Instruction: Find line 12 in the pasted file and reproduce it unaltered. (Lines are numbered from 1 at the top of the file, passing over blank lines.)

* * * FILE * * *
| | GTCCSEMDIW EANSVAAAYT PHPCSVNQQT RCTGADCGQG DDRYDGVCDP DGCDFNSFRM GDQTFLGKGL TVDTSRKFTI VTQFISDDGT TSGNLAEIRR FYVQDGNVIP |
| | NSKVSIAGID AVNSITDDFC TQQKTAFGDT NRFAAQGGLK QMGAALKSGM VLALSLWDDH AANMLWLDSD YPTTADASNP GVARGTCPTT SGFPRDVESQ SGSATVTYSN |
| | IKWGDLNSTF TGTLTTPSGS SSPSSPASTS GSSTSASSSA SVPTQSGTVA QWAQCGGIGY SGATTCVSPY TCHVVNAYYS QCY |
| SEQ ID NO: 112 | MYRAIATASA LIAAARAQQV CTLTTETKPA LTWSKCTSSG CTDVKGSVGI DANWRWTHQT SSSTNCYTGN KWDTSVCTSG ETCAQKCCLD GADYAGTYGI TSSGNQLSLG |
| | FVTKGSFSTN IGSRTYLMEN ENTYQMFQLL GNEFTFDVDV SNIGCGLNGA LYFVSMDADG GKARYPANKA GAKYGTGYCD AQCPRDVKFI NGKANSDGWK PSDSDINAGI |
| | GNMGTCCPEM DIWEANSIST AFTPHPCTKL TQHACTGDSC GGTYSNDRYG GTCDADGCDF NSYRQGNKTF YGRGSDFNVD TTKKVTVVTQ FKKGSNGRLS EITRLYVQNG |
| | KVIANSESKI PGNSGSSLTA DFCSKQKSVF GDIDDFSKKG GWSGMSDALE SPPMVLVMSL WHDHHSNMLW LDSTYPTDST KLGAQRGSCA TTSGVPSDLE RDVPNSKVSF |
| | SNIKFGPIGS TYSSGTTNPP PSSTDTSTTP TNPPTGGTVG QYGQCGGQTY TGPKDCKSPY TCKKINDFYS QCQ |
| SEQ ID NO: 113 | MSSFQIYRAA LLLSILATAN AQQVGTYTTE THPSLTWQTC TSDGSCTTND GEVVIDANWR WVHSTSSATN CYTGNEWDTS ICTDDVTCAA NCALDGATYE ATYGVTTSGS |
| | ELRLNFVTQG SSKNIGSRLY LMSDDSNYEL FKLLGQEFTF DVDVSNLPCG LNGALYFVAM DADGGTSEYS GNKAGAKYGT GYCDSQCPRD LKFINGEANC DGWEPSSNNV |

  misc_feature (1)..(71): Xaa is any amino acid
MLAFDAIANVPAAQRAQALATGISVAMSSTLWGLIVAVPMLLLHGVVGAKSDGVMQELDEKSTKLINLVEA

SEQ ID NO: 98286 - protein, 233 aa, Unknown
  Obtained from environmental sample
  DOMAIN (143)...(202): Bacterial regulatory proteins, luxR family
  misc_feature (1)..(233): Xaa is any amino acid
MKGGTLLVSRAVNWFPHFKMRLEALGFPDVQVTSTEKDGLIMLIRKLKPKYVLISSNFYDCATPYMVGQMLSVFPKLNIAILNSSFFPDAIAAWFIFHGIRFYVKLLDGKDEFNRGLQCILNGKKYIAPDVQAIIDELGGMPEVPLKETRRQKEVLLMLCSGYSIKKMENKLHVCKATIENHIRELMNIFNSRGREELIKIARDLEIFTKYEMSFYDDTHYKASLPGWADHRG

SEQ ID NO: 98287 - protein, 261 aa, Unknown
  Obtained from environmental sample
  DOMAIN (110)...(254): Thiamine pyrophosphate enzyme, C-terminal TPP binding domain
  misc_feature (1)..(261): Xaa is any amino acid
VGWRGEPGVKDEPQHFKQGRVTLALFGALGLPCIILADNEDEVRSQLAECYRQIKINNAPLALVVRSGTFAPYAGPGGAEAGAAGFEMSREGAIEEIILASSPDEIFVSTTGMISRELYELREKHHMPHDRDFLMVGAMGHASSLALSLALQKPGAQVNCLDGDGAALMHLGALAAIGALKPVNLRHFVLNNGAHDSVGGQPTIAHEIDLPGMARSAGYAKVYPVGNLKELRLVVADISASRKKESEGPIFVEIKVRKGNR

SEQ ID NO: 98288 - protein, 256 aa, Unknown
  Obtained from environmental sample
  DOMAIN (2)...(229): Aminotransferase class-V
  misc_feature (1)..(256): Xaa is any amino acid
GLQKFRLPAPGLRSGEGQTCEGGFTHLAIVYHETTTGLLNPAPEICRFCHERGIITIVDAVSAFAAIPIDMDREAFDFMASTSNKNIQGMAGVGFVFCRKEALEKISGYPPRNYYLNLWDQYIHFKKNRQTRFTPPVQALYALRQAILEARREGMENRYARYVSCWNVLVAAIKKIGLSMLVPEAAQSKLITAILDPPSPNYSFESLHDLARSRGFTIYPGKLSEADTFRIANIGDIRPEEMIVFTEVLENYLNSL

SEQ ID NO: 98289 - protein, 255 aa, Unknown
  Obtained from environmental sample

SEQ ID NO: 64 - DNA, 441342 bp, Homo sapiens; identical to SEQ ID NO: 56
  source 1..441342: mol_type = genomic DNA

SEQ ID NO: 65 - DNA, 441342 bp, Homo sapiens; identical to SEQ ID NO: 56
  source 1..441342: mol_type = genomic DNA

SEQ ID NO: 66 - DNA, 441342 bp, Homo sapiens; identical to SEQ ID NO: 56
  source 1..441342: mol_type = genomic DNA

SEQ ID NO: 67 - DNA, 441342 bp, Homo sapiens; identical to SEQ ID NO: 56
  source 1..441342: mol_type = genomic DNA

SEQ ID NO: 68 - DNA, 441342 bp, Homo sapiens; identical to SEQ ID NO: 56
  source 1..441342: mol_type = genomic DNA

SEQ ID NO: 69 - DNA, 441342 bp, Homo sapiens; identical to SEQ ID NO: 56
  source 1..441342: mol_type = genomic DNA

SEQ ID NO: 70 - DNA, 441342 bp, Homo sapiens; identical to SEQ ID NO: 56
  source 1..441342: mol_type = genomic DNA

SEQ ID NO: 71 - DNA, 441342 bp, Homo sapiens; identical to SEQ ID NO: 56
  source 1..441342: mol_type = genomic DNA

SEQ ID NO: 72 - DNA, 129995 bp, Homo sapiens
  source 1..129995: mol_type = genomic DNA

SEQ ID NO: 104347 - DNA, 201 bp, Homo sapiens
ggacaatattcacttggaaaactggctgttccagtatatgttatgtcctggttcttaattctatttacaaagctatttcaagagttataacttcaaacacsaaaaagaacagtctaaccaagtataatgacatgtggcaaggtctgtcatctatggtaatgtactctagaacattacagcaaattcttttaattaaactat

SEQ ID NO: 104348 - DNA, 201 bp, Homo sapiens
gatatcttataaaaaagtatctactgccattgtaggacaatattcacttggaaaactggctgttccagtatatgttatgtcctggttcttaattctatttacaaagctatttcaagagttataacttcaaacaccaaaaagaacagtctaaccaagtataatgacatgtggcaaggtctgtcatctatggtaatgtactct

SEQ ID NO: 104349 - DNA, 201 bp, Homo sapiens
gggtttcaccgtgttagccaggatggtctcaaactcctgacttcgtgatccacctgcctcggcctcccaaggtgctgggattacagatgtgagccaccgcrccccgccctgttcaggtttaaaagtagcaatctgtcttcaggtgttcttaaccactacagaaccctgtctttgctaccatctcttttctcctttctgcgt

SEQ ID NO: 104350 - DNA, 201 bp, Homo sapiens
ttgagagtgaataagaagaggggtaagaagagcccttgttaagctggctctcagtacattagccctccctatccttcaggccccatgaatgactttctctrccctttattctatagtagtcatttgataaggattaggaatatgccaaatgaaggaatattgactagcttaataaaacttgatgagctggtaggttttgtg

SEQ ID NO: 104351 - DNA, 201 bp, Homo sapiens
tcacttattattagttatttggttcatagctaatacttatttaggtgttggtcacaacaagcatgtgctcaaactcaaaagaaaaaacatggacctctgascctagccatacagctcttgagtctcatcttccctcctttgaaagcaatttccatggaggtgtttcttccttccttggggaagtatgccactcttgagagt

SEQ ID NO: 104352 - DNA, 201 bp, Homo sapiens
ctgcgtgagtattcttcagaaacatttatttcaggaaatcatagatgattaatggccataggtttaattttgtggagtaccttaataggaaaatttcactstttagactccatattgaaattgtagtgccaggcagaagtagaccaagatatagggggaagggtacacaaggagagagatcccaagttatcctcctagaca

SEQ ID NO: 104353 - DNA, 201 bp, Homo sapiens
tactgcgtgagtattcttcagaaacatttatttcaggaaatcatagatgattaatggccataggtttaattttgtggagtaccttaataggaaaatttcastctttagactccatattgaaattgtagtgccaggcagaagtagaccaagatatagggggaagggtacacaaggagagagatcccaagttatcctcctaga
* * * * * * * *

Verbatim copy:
MLAFDAIANVPAAQRAQALATGISVAMSSTLWGLIVAVPMLLLHGVVGAKSDGVMQELDEKSTKLINLVEA